Adobe evangelist tells Apple: 'Go screw yourself'

The employee expressed his outrage over Apple's new terms for iPhone developers

By Joab Jackson, IDG News Service |  Development

Responding to a change in the licensing terms for developers building applications for version 4.0 of the iPhone, a technology evangelist for Adobe Systems has told Apple to go perform an anatomically impossible act.

"Go screw yourself Apple," wrote Lee Brimelow, an Adobe platform evangelist, on his personal Web site, The Flash Blog.

The post is the latest volley in an escalating war between Apple and Adobe. This week, Apple changed the licensing language for its iPhone SDK (software development kit) in such a way that developers may not submit programs to Apple that use cross-platform compilers (or compilers that would allow them to write a program once and have it run on either the iPhone, Android or any other platform with no changes).

As it happens, Adobe plans to introduce just such a cross-platform compiler with version 5 of its Creative Suite content creation package, due out on Monday.

Observers have pointed out that Apple's decision will affect not just Adobe, but any other makers of cross-platform compilers. But the move comes after Apple has banned Adobe's Flash Player from its iPhones and iPads, with Steve Jobs instructing Web developers to use HTML5 instead.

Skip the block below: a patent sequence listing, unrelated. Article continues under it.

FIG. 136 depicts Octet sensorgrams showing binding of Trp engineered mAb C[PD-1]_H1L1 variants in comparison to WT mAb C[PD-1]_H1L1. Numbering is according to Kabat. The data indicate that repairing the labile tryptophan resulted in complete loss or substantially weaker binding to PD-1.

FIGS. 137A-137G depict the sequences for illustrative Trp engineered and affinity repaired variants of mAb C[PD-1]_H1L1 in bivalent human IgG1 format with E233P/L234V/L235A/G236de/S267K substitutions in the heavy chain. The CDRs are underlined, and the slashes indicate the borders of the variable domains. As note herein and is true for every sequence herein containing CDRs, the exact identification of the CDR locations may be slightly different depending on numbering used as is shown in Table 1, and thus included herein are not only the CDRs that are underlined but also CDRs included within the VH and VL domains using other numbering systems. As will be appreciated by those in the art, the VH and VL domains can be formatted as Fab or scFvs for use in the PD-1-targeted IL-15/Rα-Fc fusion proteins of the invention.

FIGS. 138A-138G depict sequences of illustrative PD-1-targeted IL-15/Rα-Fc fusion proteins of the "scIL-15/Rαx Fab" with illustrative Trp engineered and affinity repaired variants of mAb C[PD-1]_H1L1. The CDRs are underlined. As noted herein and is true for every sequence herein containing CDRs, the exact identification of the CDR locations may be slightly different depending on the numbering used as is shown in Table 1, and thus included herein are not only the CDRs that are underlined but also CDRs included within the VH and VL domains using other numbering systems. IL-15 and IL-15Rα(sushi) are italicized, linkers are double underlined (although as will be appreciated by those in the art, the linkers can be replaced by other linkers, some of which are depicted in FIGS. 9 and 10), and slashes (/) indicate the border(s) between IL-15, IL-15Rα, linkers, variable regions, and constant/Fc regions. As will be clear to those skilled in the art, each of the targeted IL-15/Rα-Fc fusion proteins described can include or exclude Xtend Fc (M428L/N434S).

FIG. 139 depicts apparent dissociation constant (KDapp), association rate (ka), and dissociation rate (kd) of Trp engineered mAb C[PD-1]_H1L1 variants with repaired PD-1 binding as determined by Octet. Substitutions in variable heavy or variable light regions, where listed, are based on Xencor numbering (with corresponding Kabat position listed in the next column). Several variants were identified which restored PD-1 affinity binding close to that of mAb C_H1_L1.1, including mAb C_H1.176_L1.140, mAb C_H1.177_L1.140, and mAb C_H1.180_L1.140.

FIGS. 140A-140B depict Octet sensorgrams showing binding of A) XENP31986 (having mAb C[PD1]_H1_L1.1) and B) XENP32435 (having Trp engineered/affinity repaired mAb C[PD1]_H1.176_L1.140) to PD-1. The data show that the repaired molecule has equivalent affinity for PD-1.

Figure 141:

In a filing with the U.S. Securities and Exchange Commission Friday, Adobe identified Apple's refusal to allow Flash on its devices as a "risk factor" for its business that could steer users toward "alternative technologies."

Adobe's official response to the new license terms had thus far been measured. A spokeswoman sent back the message, by e-mail: "We are aware of Apple's new SDK language and are looking into it. We continue to develop our Packager for iPhone OS technology, which we plan to debut in Flash CS5."

Brimelow, however, does not withhold his contempt. Apple's action "is a frightening move that has no rational defense other than wanting tyrannical control over developers and more importantly, wanting to use developers as pawns in their crusade against Adobe," he wrote.

Join us:
Facebook

Twitter

Pinterest

Tumblr

LinkedIn

Google+

Answers - Powered by ITworld

ITworld Answers helps you solve problems and share expertise. Ask a question or take a crack at answering the new questions below.

Join us:
Facebook

Twitter

Pinterest

Tumblr

LinkedIn

Google+

Ask a Question
randomness